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Cross Country - 50.9 or 49.0 hours?
 

Cross Country - 50.9 or 49.0 hours?

Chris VanHorn
2017-Jun-13

I am back from a long cross country round trip flight from Charlottetown, PE, Canada to Idaho Falls, ID, USA in a Piper Warrior II.  It was an excellent trip full of fun, sights and VFR interrupting weather.  In the end I logged 52.6 flight hours, 50.9 hours tach time and 49.0 hours time in service (air time).  

FromToHobbsTachTime in Service
CYYGKBGR2.62.32.3
KBGRKPBG1.91.811.6
KPBGKVGC1.81.681.6
KVGCN030.70.530.5
N03C654.64.624.4
C65C091.21.221.1
C09KLCG54.914.7
KLCGKAIA3.33.333.2
KAIAKEAN1.51.331.3
KEANKEMM2.82.752.6
KEMMKIDA1.51.41.3
KIDAKRKS2.32.212.1
KRKSKGGF3.33.283.2
KGGFKBIE2.82.712.6
KBIEI751.81.721.7
I75KHHG3.63.563.5
KHHGKFDY1.11.021.0
KFDYKBFD2.92.782.8
KBFDKAVP1.41.351.3
KAVPKBGR3.93.863.8
KBGRCYYG2.62.522.4
52.650.8949.0

So is the aircraft 50.9 or 49.0 hours closer to a 100-hour inspection?

The answer can be found in 14 CFR 91.409 (https://www.law.cornell.edu/cfr/text/14/91.409) which states:

(b) Except as provided in paragraph (c) of this section, no person may operate an aircraft carrying any person (other than a crewmember) for hire, and no person may give flight instruction for hire in an aircraft which that person provides, unless within the preceding 100 hours of time in service the aircraft has received an annual or 100-hour inspection and been approved for return to service in accordance with part 43 of this chapter or has received an inspection for the issuance of an airworthiness certificate in accordance with part 21 of this chapter. The 100-hour limitation may be exceeded by not more than 10 hours while en route to reach a place where the inspection can be done. The excess time used to reach a place where the inspection can be done must be included in computing the next 100 hours of time in service.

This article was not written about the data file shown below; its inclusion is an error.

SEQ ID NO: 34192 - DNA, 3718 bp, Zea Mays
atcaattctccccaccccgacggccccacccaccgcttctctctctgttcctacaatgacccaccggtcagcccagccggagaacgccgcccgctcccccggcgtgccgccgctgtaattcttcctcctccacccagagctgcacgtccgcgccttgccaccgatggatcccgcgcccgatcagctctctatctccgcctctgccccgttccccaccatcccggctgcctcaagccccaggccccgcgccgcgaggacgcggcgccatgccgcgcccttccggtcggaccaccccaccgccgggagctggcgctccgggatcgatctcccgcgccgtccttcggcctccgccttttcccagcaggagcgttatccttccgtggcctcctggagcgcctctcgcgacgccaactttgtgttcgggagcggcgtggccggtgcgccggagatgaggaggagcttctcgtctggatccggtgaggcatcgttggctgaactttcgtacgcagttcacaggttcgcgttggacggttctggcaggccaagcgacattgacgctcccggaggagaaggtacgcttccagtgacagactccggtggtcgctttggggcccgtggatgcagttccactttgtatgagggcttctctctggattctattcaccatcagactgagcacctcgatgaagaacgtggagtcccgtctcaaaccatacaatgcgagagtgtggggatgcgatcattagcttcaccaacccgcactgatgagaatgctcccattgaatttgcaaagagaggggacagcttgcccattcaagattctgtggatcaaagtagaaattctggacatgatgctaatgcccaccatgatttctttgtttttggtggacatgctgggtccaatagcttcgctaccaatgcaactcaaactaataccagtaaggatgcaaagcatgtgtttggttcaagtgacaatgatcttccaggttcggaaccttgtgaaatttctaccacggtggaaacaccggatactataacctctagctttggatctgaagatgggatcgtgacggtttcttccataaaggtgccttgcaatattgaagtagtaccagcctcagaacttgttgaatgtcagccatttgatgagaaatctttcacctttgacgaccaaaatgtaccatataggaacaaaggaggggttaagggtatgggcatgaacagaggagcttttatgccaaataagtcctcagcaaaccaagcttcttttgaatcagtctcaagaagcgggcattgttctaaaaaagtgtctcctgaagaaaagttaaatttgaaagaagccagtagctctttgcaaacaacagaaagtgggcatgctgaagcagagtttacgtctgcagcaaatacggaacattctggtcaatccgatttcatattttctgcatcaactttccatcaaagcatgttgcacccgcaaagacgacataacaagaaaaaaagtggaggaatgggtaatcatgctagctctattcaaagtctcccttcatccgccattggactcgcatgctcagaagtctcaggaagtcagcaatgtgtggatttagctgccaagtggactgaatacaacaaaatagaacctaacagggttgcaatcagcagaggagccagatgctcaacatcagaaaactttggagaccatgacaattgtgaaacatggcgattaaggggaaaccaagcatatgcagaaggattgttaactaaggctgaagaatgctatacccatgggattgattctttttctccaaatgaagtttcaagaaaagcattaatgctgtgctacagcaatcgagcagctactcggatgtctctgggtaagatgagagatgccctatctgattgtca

According to this regulation, 100 hour inspections are to be done every 100 hours of time in service (time in the air).  The correct answer is 49.0 hours closer to the next 100 hour inspection.  By using Time in Service instead of tachometer time, an aircraft owner can increase their flying hours between required 100-hour inspections.  This can result in additional revenue and aircraft availability.

Of course, you have to track time in service to be able to use it for maintenance planning.  Fortunately that is easy with the Canairy Cockpit Monitor.  It does it for you!